I think all these analysts that are getting excited about an Apple HDTV simply have their alphabet soup mixed up, and as usual, they need to moderate their expectations. Instead of an Apple HDTV, this fall we should be expecting an Apple TV HD. It's nothing as outlandishly sexy as an Apple-branded LCD monitor with LED backlighting, 600 Hz motion-flow, 3D, 15 gazillion HDMI ports, wireless A/V streaming, built-in internet functionality, and a free pony. Instead, the Apple TV HD is just the same unassuming oversized hockey puck as the current Apple TV, with one exception. Driven by the A5 processor that powers the iPad 2, the Apple TV HD is capable of streaming full 1080p video content instead of being limited to 720p like the A4-powered product now on shelves. It's connected to the iTunes Store just like the current model, but it's still another box that hooks into your poor, dumb HDTV just like all the other boxes.
An Apple TV HD may not be as awe-inspiring as the prospect of an Apple HDTV, but it's a much more realistic prospect. Look at it this way: other than the Mac Pro and 27" iMac, Apple doesn't do big products like an HDTV; most of its products are small enough to shove into a suitcase, backpack, or pants pocket. Unlike a $2000 Apple HDTV, a $99 Apple TV HD is also something I'd buy. Up until this point I haven't been too excited about the Apple TV, but once it's able to wirelessly stream full 1080p HD, I'll be first in line to buy one.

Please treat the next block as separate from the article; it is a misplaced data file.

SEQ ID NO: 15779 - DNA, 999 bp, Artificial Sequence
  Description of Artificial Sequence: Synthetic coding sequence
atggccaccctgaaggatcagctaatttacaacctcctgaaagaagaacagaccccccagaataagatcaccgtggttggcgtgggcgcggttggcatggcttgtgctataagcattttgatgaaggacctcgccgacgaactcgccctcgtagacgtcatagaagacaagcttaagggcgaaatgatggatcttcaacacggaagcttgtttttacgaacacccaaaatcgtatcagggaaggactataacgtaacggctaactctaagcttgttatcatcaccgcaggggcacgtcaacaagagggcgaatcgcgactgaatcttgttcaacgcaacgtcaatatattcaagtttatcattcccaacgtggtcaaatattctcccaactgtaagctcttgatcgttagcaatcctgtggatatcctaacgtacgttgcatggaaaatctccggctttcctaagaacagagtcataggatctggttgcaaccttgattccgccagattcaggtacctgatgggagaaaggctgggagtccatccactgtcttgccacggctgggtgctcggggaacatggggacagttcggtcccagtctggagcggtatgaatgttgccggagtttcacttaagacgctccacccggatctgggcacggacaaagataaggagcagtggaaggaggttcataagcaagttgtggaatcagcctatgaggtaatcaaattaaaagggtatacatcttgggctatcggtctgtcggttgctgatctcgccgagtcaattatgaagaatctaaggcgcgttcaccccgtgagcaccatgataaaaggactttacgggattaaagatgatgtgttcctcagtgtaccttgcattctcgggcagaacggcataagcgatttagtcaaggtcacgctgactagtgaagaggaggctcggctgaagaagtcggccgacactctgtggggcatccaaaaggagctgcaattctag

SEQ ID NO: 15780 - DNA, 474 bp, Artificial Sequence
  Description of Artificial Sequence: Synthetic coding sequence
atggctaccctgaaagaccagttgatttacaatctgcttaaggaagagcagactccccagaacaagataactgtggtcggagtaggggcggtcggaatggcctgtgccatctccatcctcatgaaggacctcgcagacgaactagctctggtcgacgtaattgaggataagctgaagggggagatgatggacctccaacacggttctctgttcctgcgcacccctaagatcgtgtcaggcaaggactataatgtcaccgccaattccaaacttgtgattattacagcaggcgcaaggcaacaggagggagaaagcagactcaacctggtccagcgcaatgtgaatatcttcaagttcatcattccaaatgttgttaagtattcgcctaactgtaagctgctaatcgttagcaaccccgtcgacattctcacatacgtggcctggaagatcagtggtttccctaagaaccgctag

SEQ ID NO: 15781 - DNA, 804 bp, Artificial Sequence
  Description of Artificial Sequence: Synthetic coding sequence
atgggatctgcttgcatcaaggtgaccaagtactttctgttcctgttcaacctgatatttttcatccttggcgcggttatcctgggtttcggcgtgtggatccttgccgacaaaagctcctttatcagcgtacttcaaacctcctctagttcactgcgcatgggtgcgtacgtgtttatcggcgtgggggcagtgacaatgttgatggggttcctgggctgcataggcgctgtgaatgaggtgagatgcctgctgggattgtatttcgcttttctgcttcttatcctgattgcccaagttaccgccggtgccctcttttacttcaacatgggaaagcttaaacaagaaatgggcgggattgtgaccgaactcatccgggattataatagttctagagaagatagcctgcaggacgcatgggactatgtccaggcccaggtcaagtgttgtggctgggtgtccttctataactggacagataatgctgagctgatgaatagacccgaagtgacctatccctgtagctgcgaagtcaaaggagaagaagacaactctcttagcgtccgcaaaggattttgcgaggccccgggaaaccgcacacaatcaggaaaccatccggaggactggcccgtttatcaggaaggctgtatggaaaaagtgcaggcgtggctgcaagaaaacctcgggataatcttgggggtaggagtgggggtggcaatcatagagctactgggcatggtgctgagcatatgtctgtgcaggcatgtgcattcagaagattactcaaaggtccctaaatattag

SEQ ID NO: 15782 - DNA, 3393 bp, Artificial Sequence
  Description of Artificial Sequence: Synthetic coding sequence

This may be my poverty talking for me, but I'm having a hard time imagining anybody running to their nearest Apple Store and replacing their existing HDTV sets with whatever "magical" piece of $2000 kit Apple comes out with. My colleague Megan Lavey has pointed out that Apple's already made one attempt at a "high-end" A/V product: the iPod Hi-Fi, a product so "tremendously successful" that it vanished from Apple's shelves (and collective memory) about a year after its introduction. She thinks an Apple HDTV would probably be a repeat of that failure, and I can't say I disagree with her.
We've become used to the TV becoming the dumb center of our entertainment systems, little more than a glorified projector. If anyone can do something to change that perception it's Apple, but the one thing the analysts haven't told us yet is why Apple would even want to. Apple likes to make products that satisfy and even delight its customers, but the company also likes to make money -- and an Apple HDTV might be too long of a bet for Apple to back.